least suitable controller for flow control as an off-set of 48 Lhr-1 is observed. For PI and
PID controllers, both can recover the process back to set-point even though disturbance
is present. PID controller responds faster than PI controller because it takes into account
of now, present and future error while PI controller considers only now and present error.
However, the PID controller is seldom used for flow control because the flow
measurement tends to be very noisy and flow process is quite fast. From graph CTR2-9
and graph CTR2-10, it can be seen that X and Y curves are more oscillatory because the
measured output is noisy. In conclusion, the PI controller is the most suitable controller
for flow control as it can recover the process back to the set-point in short time and it is
a lot cheaper than that of PID controller.

The signal block diagram for closed-loop system is shown below:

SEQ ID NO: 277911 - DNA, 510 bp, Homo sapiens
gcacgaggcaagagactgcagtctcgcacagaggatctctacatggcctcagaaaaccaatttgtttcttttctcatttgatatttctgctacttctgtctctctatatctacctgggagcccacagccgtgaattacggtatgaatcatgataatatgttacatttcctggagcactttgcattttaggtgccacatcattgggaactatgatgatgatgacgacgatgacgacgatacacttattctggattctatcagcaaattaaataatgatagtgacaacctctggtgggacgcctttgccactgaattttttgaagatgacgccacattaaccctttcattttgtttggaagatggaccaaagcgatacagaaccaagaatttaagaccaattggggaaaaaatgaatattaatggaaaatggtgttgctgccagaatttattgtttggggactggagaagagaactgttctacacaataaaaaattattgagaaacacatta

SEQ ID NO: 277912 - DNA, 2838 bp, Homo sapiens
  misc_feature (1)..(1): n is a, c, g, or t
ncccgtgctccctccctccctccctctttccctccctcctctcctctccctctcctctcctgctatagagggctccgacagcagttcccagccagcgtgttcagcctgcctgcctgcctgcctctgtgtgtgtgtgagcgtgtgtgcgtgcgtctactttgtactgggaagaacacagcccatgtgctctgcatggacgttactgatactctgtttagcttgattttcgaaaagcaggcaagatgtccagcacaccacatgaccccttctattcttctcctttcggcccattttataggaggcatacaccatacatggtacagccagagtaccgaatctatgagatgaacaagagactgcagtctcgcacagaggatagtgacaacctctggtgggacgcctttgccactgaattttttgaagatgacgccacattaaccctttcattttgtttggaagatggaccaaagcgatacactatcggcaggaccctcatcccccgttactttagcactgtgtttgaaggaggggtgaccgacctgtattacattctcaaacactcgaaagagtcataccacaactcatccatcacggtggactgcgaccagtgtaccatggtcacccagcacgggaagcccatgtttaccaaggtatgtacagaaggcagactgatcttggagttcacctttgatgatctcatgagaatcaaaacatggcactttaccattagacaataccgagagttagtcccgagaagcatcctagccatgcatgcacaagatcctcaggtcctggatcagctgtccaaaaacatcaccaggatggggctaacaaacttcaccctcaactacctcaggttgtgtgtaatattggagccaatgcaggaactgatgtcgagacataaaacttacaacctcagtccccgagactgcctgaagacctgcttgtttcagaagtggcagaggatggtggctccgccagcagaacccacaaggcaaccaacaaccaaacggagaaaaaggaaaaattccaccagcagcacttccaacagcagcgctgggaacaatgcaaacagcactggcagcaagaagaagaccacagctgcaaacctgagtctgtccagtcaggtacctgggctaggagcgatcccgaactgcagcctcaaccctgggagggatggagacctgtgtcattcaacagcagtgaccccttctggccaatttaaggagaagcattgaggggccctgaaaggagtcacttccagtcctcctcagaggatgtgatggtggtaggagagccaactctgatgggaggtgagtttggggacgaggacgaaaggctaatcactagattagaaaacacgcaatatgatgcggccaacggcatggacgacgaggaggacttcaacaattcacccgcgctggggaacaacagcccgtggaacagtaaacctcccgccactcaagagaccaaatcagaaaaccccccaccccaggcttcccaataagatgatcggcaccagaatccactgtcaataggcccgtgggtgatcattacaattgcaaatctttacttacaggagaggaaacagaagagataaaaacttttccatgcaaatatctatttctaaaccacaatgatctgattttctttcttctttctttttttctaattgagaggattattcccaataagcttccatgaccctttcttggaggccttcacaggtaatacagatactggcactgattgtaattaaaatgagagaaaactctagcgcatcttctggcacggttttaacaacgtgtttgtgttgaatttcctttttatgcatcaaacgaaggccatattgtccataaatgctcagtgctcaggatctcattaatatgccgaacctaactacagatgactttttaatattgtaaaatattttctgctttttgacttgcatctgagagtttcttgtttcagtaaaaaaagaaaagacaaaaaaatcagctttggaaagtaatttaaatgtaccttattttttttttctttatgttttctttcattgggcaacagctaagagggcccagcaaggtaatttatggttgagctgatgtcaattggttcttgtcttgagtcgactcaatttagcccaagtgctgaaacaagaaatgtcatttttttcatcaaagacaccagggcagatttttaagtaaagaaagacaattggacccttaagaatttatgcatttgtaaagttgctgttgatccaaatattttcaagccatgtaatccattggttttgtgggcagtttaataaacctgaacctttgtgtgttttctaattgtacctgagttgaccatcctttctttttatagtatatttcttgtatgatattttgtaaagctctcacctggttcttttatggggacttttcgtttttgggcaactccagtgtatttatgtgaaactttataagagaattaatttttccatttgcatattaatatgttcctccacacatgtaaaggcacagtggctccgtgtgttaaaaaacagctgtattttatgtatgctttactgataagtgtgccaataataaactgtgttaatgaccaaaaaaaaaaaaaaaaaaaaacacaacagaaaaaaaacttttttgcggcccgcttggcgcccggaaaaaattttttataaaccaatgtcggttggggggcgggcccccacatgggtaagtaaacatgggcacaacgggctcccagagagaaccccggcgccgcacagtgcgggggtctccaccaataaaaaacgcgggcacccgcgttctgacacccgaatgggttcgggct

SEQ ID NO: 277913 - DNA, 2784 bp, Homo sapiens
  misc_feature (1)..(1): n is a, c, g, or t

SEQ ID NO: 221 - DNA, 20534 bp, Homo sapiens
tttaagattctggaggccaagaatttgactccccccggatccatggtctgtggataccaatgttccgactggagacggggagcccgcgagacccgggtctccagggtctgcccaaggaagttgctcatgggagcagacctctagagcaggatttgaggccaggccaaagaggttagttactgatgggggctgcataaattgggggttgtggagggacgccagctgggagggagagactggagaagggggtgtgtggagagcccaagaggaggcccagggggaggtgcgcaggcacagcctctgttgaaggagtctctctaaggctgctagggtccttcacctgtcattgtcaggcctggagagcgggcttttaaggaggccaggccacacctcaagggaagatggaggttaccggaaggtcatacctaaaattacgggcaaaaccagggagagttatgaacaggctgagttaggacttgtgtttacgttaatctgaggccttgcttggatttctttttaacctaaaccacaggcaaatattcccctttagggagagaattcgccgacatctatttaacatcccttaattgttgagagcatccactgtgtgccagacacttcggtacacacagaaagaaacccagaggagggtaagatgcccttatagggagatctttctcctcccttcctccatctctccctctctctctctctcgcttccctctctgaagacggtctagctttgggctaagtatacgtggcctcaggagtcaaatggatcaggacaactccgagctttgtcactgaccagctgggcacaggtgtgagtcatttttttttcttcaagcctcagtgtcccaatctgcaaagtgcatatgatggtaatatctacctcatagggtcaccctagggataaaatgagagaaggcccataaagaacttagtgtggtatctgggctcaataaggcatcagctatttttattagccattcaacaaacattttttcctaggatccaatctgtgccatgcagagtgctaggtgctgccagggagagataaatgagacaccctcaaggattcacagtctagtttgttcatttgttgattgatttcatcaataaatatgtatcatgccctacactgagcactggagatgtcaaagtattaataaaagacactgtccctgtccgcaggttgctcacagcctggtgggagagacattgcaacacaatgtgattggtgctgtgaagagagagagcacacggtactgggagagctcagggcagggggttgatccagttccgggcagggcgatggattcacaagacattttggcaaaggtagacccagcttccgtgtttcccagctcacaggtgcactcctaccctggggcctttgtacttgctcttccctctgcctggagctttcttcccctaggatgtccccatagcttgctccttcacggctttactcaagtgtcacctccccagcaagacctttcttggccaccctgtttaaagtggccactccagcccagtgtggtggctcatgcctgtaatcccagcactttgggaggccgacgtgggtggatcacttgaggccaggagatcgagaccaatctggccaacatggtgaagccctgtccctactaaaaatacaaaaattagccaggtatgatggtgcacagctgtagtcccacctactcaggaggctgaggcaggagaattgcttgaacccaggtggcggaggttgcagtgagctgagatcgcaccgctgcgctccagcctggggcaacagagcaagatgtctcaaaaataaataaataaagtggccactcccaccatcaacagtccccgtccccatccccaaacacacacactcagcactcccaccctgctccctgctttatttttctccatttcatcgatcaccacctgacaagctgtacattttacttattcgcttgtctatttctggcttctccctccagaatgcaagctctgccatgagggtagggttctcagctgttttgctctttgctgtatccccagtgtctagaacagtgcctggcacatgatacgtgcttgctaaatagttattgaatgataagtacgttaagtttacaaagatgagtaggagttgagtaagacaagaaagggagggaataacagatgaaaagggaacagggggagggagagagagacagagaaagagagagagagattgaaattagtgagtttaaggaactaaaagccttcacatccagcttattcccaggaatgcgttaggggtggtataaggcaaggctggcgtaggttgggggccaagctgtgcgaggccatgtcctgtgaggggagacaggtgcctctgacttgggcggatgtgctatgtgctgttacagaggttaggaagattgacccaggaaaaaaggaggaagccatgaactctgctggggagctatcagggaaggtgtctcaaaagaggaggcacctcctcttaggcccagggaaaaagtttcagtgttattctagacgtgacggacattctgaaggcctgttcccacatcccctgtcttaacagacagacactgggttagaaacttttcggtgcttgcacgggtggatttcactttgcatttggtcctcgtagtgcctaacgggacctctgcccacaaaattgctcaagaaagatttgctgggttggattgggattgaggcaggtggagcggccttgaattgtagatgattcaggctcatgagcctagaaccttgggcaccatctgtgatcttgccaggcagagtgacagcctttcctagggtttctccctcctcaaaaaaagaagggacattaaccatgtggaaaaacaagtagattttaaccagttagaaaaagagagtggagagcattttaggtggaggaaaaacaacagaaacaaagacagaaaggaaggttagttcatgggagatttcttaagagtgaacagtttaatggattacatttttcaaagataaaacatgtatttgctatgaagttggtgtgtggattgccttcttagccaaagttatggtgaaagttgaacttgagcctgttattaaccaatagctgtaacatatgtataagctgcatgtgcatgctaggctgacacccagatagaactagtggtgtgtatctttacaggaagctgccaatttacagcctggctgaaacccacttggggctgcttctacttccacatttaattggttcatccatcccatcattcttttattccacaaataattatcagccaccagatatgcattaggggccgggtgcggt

Disturbances:
Bubbles, pump speed

Set-point,
W

Set-point
error, e

Controlle
r

Secondary element:
Transmitter

Electromagnetic
proportional
valve

Flow Process

Primary element:
Turbine wheel flow sensor

Figure 12: Signal Block Diagram of Closed-loop Diagram.

Desired
Flowrate,
X

Conclusion
The mechanism used in CRT2 provides efficient means of controlling flow. And again,
flow rate is highly dependent on the regulation ratio to which the electromagnetic
proportional valve is set to. The regulation ratio increases as set points and disturbances
are accounted for statistically.
For task 1, the process is a first order process plus dead time (FOPDT). Furthermore, the